# Hexagonal Truchet tiling

Following on from this earlier post, here is a class, TruchetHexes, which generates a pleasing weave-like pattern by tiling the following hexagon shapes in random orientations. A typical image looks like this: This code requires the truchet.py file from this previous post on Truchet tiles.

import numpy as np
import random

from truchet import Truchet

class TruchetHexes(Truchet):
"""A class for creating a Truchet tiling of hexagons."""

def __init__(self, width, height, s, colour):
super(TruchetHexes, self).__init__(width, height, s)
self.colour = colour

@Truchet.defs_decorator
def svg_styles(self):
print('.arc {{ stroke: {}; stroke-width: 2px; fill: none; }}'
.format(self.colour), file=self.fo)
print('.hex {{ stroke: {}; stroke-width: 2px; fill: none; }}'
.format('#eeeeee'), file=self.fo)

def svg_shape(self, r=None, rule=None):
"""A Truchet figure based on interlinking circular arcs."""

def arc_path(A, B, r):
"""Semicircular arc path from A=(x0,y0) to B=(x1,y1), radius r."""

print('<path d="M{},{} A{},{} 0 0 1 {} {}" class="arc"/>'.format(
*A, r, r, *B), file=self.fo)

def line_path(A, B):
"""The straight line "under" the curved arcs.

NB for now, the "rule" is ignored: only a random weave is produced.

"""

# Unit vector across the hexagon.
V = B - A
V /= np.hypot(*V)
# Adjust the padding according to the line width to leave a gap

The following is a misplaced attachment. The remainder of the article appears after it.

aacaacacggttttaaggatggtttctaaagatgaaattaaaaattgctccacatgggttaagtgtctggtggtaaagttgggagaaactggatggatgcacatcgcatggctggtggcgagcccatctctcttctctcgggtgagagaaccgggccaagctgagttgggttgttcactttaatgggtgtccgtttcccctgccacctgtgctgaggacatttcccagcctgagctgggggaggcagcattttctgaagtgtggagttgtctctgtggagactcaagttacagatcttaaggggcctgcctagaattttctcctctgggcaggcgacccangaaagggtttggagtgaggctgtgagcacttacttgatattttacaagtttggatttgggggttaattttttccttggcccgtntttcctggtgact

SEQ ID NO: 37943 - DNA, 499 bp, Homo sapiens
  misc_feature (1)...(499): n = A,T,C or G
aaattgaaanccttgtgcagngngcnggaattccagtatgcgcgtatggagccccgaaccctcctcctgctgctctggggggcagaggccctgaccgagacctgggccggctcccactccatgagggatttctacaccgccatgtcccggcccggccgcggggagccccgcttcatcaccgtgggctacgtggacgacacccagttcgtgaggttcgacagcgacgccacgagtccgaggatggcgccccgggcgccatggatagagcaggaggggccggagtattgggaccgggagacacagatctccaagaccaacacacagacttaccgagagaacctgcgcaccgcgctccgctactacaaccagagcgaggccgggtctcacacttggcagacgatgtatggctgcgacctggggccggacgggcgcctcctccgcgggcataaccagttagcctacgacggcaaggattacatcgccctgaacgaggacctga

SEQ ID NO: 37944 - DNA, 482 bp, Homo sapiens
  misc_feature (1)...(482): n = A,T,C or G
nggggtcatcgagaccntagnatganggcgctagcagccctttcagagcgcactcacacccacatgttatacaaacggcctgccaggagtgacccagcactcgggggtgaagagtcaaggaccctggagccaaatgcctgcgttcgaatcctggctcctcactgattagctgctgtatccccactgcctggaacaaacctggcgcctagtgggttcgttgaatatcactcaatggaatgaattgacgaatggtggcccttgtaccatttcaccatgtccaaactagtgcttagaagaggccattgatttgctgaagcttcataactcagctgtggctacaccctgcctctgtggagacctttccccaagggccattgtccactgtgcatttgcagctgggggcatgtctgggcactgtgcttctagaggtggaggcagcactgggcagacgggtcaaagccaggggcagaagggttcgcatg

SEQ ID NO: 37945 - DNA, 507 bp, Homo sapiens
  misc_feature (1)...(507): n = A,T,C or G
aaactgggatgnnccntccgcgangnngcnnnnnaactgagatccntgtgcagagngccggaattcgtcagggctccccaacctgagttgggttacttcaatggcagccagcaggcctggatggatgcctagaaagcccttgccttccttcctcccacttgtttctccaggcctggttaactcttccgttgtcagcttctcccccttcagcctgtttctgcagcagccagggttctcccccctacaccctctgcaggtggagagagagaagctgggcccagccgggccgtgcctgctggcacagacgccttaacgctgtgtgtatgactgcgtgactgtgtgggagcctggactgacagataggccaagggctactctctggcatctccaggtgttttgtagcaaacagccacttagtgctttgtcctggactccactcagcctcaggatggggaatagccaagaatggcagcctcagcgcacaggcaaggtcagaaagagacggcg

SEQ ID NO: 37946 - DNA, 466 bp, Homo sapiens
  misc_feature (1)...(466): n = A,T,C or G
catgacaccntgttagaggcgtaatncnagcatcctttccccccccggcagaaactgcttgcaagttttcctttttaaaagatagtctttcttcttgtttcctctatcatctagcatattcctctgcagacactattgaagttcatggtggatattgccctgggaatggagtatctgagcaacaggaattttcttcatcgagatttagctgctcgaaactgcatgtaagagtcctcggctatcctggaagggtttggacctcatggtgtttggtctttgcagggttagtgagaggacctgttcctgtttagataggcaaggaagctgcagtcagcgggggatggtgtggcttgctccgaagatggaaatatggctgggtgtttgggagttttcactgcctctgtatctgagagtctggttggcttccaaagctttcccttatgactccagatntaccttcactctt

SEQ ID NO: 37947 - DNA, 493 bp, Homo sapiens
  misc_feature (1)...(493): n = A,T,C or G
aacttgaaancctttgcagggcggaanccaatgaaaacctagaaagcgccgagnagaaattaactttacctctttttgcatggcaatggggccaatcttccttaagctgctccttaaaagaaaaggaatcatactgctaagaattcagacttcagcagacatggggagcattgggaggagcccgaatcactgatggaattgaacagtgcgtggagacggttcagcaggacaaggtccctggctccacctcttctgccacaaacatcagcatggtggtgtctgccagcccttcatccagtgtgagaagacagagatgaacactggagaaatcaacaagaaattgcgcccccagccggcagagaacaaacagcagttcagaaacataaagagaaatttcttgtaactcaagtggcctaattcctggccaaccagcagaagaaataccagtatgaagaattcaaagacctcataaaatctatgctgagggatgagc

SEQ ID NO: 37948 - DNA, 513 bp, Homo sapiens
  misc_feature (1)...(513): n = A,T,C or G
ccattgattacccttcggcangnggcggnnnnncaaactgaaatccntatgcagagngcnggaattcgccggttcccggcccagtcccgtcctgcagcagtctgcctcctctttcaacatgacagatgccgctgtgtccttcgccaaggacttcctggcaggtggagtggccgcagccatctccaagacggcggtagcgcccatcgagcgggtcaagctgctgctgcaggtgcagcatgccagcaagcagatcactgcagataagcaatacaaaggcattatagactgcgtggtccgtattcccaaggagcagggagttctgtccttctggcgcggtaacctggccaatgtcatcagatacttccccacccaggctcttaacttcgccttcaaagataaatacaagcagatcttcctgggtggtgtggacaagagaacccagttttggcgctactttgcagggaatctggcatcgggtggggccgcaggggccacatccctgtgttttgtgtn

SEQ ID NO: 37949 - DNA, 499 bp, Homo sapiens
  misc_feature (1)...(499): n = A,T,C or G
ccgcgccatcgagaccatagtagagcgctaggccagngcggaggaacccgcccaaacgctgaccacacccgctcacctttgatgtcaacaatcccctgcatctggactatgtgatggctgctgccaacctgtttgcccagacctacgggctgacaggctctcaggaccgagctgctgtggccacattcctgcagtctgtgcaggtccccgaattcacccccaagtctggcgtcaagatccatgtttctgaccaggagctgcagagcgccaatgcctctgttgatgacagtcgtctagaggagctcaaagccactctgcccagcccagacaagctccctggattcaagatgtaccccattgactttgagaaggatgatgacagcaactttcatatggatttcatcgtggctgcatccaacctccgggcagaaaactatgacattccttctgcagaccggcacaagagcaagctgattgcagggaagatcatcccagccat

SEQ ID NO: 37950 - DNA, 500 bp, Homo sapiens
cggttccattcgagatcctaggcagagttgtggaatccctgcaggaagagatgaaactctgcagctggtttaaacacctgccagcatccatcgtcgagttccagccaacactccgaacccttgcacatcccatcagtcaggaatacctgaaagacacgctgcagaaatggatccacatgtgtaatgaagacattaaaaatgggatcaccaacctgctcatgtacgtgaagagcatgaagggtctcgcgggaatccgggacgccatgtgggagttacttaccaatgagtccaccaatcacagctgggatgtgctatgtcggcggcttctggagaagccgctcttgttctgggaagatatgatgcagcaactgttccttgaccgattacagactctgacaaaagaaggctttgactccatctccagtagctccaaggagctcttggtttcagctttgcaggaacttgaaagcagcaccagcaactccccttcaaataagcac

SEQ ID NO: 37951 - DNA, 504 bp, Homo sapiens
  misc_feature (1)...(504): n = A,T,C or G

# either side of the arc weaving "above" it.
g1 = self.s * ((3 - np.sqrt(3))/2 - pad)
g2 = self.s * ((3 - np.sqrt(3))/2 + pad)
Q = np.array([A, A + g1*V, A + V * g2, B - V * g2, B - V * g1, B])
print('<path d="M{} {} L{} {} M{} {} L{} {} M{} {} L{} {}"'
' class="arc"/>'.format(*Q.ravel()), file=self.fo)

f1, f2 = 3/2, np.sqrt(3)/2
if not r:
r = self.s * f1
for ix in range(self.nx):
for iy in range(self.ny):
# The centre of this hexagon.
x0, y0 = (ix * self.s * f1,
iy * self.s * (f2*2) + self.s*f2*(ix % 2) )
# The mid-points of each side of the hexagon.
P = np.empty((6,2))
P = 0, -self.s * f2
R = np.array(((0.5, -f2), (f2, 0.5)))
P = (0, - self.s * f2)
for i in range(1,6):
P[i] = R @ P[i-1]
P += (x0, y0)

# If we're drawing the hexagons themselves, these are their
# vertices.
Q = np.empty((6,2))
Q = self.s/2, self.s * f2
for i in range(1,6):
Q[i] = R @ Q[i-1]
Q += (x0, y0)

# If drawing the hexagons, uncomment these lines.
#print('<path d="M{} {} L{} {} L{} {} L{} {} L{} {}'
#       ' L{} {}z" class="hex"/>'.format(*Q.ravel()),
#       file=self.fo)

# Randomly orient the hexagon by cyclicly shifting the
# coordinate rows 0, 1 or 2 times.
P = np.roll(P, random.randint(0,2), axis=0)
# Draw the arcs and line.
arc_path(P, P, r)
arc_path(P, P, r)
line_path(P, P)

if __name__ == '__main__':
truchet = TruchetHexes(800, 800, 25, colour='#4f3e90')
truchet.make_svg('hexes.svg')

Current rating: 4.3 #### Daniel Black 2 years, 11 months ago

This is a great incrementing on the prior work. Have you considered doing something like Christopher Carlson's multi-scale Truchet tiling ? I wonder how it would work with hexagonal tiling.

 https://christophercarlson.com/portfolio/multi-scale-truchet-patterns/

Current rating: 5 #### Christian 2 years, 11 months ago

That's great! If I had time (and with a second lockdown looming, who knows?) I would definitely look into Christopher Carlson's extension to the single-sized Truchet tiling. Thanks for the link.